“If you aren’t a regular gym-goer and you’re not accustomed to stretching or mobility drills, yoga could be a good alternative. If you don’t want to go to a class, there are a tonne of apps you can download.”

Know What You’re In For


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The next step is figuring out what parts of the body you need to focus on. For instance, skiing, cycling, climbing, hiking and surfing will require a strong core to keep you balanced and help you move more efficiently.

The best way to train your core? “I’m a huge fan of Pilates, but even if you don’t have a gym [membership], you can escape with the bare minimum by performing different planking variations daily – side planks, on elbows, with straight arms, adding rotation. See if you can work up to a solid 3-5 minute hold without having to rest,” says Towersey.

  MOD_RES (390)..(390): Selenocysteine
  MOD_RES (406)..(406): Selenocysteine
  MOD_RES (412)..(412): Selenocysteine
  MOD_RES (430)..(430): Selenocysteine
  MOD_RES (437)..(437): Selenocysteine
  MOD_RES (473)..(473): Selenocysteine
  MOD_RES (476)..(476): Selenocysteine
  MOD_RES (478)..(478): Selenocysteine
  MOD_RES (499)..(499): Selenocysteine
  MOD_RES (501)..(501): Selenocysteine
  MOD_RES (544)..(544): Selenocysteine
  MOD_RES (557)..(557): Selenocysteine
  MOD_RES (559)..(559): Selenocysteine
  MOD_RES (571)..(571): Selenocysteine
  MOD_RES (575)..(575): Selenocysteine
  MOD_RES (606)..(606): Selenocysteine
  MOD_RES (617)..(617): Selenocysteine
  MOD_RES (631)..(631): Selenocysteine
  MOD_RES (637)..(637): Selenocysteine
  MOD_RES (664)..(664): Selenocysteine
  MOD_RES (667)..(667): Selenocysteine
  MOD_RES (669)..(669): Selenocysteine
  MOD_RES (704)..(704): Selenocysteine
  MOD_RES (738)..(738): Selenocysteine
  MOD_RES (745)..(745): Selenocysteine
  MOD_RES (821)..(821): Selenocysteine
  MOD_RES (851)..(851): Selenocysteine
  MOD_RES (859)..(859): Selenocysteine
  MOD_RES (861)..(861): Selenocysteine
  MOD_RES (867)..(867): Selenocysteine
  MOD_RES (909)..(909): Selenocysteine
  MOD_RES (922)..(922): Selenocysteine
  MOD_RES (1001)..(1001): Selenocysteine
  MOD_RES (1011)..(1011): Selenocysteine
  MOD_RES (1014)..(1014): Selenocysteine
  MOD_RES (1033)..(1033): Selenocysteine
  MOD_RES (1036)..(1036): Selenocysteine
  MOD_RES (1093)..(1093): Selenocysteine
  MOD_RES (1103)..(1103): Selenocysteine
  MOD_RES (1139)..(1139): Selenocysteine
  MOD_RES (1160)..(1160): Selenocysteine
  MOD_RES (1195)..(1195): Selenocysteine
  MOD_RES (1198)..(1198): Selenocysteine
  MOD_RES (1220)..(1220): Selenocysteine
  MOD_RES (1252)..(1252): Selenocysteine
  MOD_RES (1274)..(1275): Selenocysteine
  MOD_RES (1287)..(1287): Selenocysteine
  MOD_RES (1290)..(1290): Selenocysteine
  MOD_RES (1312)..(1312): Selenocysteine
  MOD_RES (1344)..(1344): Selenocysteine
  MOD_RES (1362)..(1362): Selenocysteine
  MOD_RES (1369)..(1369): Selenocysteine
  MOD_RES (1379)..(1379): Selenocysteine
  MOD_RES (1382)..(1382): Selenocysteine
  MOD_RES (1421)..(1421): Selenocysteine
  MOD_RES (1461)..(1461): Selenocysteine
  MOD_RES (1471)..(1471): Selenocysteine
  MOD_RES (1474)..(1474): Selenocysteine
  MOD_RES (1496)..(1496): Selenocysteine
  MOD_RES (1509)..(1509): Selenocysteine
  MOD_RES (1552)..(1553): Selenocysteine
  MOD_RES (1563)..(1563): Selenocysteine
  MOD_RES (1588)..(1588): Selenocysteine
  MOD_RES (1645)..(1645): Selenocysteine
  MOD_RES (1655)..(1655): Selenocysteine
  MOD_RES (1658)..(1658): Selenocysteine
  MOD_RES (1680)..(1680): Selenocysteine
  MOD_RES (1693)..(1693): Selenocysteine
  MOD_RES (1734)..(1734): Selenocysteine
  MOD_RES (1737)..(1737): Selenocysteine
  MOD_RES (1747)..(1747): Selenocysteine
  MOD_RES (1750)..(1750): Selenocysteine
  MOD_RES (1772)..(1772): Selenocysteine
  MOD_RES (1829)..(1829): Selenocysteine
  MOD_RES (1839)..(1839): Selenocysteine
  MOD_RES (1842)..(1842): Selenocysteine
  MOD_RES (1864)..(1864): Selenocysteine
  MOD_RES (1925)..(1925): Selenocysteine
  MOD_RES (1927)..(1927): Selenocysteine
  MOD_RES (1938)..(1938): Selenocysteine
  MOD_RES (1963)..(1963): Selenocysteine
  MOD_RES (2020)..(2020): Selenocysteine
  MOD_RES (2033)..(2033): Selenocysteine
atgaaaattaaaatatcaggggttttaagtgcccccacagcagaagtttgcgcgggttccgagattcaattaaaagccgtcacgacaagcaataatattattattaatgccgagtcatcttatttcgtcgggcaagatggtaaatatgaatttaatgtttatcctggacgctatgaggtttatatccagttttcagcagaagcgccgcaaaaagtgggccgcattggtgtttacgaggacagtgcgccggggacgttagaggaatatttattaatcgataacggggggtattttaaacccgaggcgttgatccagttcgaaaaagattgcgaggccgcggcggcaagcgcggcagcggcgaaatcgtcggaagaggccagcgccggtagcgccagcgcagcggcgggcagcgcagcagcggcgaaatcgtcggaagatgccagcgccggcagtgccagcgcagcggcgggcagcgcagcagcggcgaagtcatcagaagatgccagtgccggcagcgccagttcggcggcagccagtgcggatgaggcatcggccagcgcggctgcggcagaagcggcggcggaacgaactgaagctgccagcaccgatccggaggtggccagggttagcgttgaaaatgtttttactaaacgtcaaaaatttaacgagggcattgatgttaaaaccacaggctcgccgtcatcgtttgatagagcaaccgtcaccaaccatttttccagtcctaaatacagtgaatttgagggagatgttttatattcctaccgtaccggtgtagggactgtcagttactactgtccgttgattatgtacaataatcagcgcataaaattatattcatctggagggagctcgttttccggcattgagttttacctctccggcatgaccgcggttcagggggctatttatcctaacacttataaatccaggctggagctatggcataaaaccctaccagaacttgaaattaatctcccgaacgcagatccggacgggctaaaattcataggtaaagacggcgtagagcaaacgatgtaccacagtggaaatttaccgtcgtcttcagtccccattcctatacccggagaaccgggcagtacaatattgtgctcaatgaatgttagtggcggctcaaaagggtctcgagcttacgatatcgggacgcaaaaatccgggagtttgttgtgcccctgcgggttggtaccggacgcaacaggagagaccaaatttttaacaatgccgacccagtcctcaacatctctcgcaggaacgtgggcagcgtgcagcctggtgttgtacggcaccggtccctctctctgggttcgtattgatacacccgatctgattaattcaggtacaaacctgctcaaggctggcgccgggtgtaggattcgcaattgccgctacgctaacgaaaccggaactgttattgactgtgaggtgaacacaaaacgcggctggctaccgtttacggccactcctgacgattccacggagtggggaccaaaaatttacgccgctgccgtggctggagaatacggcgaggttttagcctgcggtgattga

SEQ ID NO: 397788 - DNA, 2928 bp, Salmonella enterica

Don’t skip leg day, either. “If you’re skiing, you’ll need an incredible amount of strength endurance through your legs (wall sits are a great training inclusion), and if you’re hiking, running or cycling, you’d want to have placed a focus on single leg training (think lunges and step-up variations).”

Personal trainer Dylan Rivier suggests looking at the movements associated with your chosen activity. “If you’re skiing or snowboarding, choose exercises that you can see yourself doing on the slopes — squatting, twisting and jumping is going to be your focus as far as strength work goes.”

Get Specific


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But the best way to prepare is to log some hours doing the exact activity you’ll actually be doing overseas. “You can’t get much more specific than actually practicing whatever activity it is you’re going to be doing most of,” says Rivier. “The best way to get better at cycling, for example, is to jump on the bike and start cranking out the k’s!”